October 1, 2013 is a big day in the world of Obamacare. It appears that by October 1, anyone who works for an employer with revenue of more than $500,000 and has at least one employee should receive a letter from that employer titled “Notice to Employees of Health Insurance Marketplace Coverage Options”. The employee can then take the letter to the federal on-line insurance exchange and use it to buy coverage. What is the letter going to say? There are two versions of the model letter that are available through the Department of Labor’s website at www.dol.gov/ebsa/healthreform. The first version is for employers who do not provide health insurance to their employees. The second version is for employers who do currently provide employer-paid health insurance to their employees. Both versions have a Part A and a Part B. Part A is “General Information”. Part B is “Information About Health Coverage Offered by Your Employer”.
Part A includes several important pieces of information. First, it notifies the employee that the federal on-line insurance exchange, called “Health Insurance Marketplace”, does exist. It gives contact information for the Marketplace; a brief description of the Marketplace; and the products and services available through the Marketplace. It directs interested people to the government’s website: www.HealthCare.gov for more information. Second, it notifies the employee that there is potentially a premium tax credit available to help the employee pay for coverage should the employee buy insurance through the Marketplace. The credit is based on several factors, including the family income of the purchaser; the actual policy purchased; whether the employer provides insurance or not; and if the employer does provide insurance, does that insurance cover less than 60% of the value of allowable claims. The third item the letters must itemize is the fact that employee may lose a tax-free fringe benefit if the employee opts to purchase health insurance through the Marketplace. The employee may gain a credit but lose a tax-free fringe benefit.
Part B for employers who do not provide health insurance gives employer information the employee needs to go to the Marketplace to purchase insurance. The Marketplace coordinator may contact the employer to verify the accuracy of the letter so common information such as name, address, telephone number, federal identification number, employer contact person, and email address must be provided. Part B for employers who do provide health insurance is a little more involved. It has the employer contact information but it also has a series of questions concerning the health insurance provided. Questions 13 and 14 identify who is eligible for coverage. Question 15 allows the employer to declare whether the current plan meets the “minimum value standard”, i.e. if 60% of allowable claims would be covered. Question 15 also requires the employer to make a calculation to determine if the cost of insurance does or does not exceed 9.5% of the employee’s income. If the cost is less than 9.5%, it is deemed “affordable”. If it exceeds 9.5%, it isn’t “affordable”. Question 15 does have a “cannot be determined” answer if the employer can’t calculate the affordability aspect or the minimum value aspect. Question 16 asks if the employee is currently eligible or will be within the next three months. Question 17 again asks about meeting the minimum value standard. Question 18 asks how much the employee has to pay for his insurance and how often. Question 19 asks if the employer contemplates making any changes in the next plan year such as increasing the employee portion or dropping coverage altogether.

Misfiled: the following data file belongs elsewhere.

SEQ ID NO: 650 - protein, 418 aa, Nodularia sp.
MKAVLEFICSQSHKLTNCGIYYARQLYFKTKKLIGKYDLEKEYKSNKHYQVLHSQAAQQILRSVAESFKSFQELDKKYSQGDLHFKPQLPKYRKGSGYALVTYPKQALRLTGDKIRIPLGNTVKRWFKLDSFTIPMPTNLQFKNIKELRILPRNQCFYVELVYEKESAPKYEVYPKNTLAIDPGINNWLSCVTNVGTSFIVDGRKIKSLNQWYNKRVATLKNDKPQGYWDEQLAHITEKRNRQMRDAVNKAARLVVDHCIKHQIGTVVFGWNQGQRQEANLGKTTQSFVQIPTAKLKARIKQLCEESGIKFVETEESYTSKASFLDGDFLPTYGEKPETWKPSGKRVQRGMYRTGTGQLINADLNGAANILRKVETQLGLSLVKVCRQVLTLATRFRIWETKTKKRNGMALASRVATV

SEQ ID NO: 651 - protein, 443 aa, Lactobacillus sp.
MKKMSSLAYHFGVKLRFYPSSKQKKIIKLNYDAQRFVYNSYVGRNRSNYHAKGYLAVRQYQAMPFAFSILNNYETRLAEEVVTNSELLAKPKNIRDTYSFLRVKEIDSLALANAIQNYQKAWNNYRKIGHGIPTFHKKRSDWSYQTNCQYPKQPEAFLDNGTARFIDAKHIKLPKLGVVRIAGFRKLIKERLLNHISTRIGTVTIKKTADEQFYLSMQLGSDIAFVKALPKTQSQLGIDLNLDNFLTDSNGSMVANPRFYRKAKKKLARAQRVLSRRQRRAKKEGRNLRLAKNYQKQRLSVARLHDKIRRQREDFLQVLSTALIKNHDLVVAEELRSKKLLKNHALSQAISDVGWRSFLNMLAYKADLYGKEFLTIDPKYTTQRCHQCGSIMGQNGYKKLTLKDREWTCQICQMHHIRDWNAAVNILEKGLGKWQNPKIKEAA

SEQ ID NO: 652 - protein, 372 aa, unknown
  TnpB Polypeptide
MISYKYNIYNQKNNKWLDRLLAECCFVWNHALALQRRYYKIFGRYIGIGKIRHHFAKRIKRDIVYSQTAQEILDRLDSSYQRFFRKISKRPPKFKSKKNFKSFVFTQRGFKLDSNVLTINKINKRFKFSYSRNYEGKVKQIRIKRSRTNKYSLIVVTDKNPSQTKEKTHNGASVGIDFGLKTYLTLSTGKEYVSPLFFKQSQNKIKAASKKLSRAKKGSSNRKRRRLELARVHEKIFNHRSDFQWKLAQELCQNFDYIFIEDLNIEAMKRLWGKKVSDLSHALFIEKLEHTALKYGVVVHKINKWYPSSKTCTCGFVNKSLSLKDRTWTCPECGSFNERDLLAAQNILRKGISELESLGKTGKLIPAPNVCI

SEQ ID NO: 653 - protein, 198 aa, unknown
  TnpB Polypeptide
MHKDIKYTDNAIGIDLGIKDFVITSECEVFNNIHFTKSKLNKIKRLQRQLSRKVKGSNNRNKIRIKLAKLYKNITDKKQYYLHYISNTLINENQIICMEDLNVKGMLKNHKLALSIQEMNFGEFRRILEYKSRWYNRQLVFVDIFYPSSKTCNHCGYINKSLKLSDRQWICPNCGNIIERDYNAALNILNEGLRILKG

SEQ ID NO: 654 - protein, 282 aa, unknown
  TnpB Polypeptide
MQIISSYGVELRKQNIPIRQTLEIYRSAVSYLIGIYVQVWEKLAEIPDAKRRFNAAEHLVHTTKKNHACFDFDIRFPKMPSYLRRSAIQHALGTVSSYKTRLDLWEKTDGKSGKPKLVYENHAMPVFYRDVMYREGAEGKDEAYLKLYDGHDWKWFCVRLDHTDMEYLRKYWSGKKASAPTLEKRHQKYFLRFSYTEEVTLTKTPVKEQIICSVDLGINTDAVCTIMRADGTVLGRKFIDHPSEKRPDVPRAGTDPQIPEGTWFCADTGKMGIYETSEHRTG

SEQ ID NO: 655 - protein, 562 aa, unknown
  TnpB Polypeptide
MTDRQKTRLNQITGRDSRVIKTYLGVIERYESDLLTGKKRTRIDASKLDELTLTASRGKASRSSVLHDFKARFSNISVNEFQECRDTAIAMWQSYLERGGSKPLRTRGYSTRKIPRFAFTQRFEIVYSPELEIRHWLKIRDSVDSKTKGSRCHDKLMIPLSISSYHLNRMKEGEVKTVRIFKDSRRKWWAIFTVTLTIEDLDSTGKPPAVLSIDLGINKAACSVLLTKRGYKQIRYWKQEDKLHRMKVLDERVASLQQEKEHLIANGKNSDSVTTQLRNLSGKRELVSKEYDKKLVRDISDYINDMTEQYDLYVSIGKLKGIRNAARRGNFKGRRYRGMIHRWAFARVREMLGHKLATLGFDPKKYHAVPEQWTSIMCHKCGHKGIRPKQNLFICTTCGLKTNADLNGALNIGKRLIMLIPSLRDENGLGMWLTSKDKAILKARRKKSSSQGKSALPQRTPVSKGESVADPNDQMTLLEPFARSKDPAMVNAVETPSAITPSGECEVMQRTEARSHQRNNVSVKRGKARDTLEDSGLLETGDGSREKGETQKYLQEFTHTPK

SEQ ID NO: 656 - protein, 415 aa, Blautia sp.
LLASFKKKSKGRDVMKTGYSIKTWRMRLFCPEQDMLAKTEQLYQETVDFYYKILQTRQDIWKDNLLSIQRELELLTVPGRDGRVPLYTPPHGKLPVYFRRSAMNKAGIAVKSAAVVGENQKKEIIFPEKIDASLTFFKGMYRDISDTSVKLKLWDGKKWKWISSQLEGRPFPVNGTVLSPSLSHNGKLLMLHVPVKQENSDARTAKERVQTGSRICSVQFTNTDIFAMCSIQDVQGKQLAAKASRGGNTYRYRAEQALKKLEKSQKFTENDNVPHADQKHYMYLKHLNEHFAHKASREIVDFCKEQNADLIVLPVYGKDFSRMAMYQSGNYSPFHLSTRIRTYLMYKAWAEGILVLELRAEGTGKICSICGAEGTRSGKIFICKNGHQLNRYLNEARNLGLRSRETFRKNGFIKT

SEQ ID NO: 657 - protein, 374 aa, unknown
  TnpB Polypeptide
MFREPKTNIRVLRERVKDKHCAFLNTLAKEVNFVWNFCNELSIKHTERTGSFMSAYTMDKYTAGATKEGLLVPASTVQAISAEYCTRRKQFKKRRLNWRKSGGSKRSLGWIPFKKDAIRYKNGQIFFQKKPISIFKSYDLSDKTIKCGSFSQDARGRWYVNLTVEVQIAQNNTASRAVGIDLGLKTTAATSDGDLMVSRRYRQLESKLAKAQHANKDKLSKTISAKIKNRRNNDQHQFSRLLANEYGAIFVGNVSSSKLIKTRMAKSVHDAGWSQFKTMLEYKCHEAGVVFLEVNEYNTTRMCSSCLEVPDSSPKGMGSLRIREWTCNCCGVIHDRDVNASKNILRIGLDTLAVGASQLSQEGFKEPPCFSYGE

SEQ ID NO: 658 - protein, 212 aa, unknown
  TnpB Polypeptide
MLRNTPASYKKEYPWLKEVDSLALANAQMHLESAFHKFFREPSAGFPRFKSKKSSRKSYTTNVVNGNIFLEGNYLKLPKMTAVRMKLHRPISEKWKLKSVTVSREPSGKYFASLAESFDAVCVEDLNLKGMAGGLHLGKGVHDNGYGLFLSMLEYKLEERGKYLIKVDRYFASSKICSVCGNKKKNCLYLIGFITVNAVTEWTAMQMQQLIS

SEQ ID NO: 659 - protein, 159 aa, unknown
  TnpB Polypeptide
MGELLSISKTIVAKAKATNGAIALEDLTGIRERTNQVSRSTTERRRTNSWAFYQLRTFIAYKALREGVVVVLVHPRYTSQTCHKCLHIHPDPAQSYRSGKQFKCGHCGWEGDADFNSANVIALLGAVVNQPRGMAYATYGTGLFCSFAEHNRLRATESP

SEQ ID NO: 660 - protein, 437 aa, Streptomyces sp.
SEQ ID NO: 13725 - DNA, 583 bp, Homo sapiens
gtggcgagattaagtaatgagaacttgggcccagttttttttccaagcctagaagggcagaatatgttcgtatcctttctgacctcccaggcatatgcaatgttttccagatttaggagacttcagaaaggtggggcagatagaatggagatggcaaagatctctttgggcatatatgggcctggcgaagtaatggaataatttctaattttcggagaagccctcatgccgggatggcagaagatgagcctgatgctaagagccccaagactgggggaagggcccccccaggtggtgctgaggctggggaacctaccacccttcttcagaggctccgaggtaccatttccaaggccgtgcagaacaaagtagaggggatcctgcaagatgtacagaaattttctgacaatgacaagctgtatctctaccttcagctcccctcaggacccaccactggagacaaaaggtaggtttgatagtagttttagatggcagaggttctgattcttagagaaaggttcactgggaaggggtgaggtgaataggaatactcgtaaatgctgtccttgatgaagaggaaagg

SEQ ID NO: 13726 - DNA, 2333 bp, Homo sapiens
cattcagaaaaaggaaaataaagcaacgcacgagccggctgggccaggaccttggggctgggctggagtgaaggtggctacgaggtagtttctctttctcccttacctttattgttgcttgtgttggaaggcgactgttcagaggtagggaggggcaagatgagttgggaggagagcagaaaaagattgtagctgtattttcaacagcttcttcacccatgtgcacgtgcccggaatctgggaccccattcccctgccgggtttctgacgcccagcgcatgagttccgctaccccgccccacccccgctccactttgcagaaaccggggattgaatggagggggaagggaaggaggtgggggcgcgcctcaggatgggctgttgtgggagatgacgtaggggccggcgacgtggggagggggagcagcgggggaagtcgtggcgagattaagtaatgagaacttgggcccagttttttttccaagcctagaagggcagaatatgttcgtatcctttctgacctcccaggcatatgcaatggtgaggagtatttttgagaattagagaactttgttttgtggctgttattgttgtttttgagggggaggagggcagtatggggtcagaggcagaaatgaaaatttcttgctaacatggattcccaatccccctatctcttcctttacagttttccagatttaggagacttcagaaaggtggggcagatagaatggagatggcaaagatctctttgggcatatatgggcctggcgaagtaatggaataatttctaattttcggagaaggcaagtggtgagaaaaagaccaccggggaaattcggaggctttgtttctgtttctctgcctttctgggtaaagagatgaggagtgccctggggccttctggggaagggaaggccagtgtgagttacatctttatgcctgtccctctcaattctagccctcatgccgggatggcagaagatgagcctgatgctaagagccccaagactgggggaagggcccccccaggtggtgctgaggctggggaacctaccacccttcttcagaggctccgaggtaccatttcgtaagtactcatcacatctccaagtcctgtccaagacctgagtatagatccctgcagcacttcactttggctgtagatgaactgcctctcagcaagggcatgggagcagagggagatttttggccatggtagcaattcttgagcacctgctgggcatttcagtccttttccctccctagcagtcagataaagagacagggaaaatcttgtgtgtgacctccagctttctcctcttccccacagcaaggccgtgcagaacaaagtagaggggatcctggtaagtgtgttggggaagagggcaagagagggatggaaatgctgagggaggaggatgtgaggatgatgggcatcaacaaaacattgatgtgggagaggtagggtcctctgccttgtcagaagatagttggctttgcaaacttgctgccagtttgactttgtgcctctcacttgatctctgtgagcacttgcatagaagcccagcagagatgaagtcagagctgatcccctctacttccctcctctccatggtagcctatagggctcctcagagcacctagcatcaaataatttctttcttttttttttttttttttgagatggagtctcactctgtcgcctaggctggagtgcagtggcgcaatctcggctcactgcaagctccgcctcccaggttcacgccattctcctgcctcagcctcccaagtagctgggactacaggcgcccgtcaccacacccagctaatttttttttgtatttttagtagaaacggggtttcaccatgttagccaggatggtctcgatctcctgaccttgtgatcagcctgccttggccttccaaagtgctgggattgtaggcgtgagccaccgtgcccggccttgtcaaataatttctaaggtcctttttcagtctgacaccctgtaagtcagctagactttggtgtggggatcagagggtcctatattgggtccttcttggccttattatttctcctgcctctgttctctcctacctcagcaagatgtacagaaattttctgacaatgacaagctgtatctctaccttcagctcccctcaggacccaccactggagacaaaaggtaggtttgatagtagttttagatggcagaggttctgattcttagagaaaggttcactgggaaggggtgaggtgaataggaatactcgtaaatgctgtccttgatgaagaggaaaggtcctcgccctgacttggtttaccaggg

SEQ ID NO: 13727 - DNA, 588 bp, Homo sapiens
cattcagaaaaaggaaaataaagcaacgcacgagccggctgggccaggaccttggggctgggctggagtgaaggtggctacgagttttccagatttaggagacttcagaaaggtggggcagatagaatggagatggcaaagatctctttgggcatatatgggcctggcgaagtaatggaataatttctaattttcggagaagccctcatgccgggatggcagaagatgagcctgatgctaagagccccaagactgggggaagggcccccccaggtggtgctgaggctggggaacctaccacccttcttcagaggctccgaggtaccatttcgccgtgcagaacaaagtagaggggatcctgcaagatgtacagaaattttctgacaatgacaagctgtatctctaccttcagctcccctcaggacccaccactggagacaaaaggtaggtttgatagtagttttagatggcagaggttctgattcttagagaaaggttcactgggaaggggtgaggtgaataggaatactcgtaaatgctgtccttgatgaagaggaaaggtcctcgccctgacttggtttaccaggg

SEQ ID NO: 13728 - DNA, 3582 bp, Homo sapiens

In the Department of Labor’s guidance for the delivery of the letter, they say the letter may be provided by first-class mail or by electronic delivery. If electronic delivery is used, a read receipt confirmation must be provided. Of course, if first class mail is used, there is no receipt confirmation, but it is presumed that the U.S. Postal Service will efficiently do its’ job. As an alternative, the employer may hand deliver the letter and have the employee sign an Acknowledgement of Receipt. For small employers, who are in direct contact with their employees, we recommend that the letter be hand-delivered and that the Acknowledgement of Receipt be retained in the employee’s file. If the DOL does audit the employer and the employer cannot provide proof of delivery, the penalty that may be assessed to the employer at this point appears to be $100/day/employee. An Acknowledgement of Receipt could prove to be a valuable piece of paper to the employer should the DOL come knocking.
The Affordable Care Act is being implemented. The train has left the terminal, so to speak. This Required Notice to Employees gets many employers involved and will serve as a wake-up call that national health care is here and must be dealt with. Currently, this affects only employers with $500,000 of revenue with at least one employee. The thinking is that the $500,000 will decrease in the future and all employers, regardless of revenue and the number of employees, will be required to send out notices. This is Jerry Coon signing off.
Jerry Coon is an Enrolled Agent and a
Registered Tax Return Preparer.
He owns Action Tax Service on
Northland Dr in Rockford.
Contact Jerry through his website: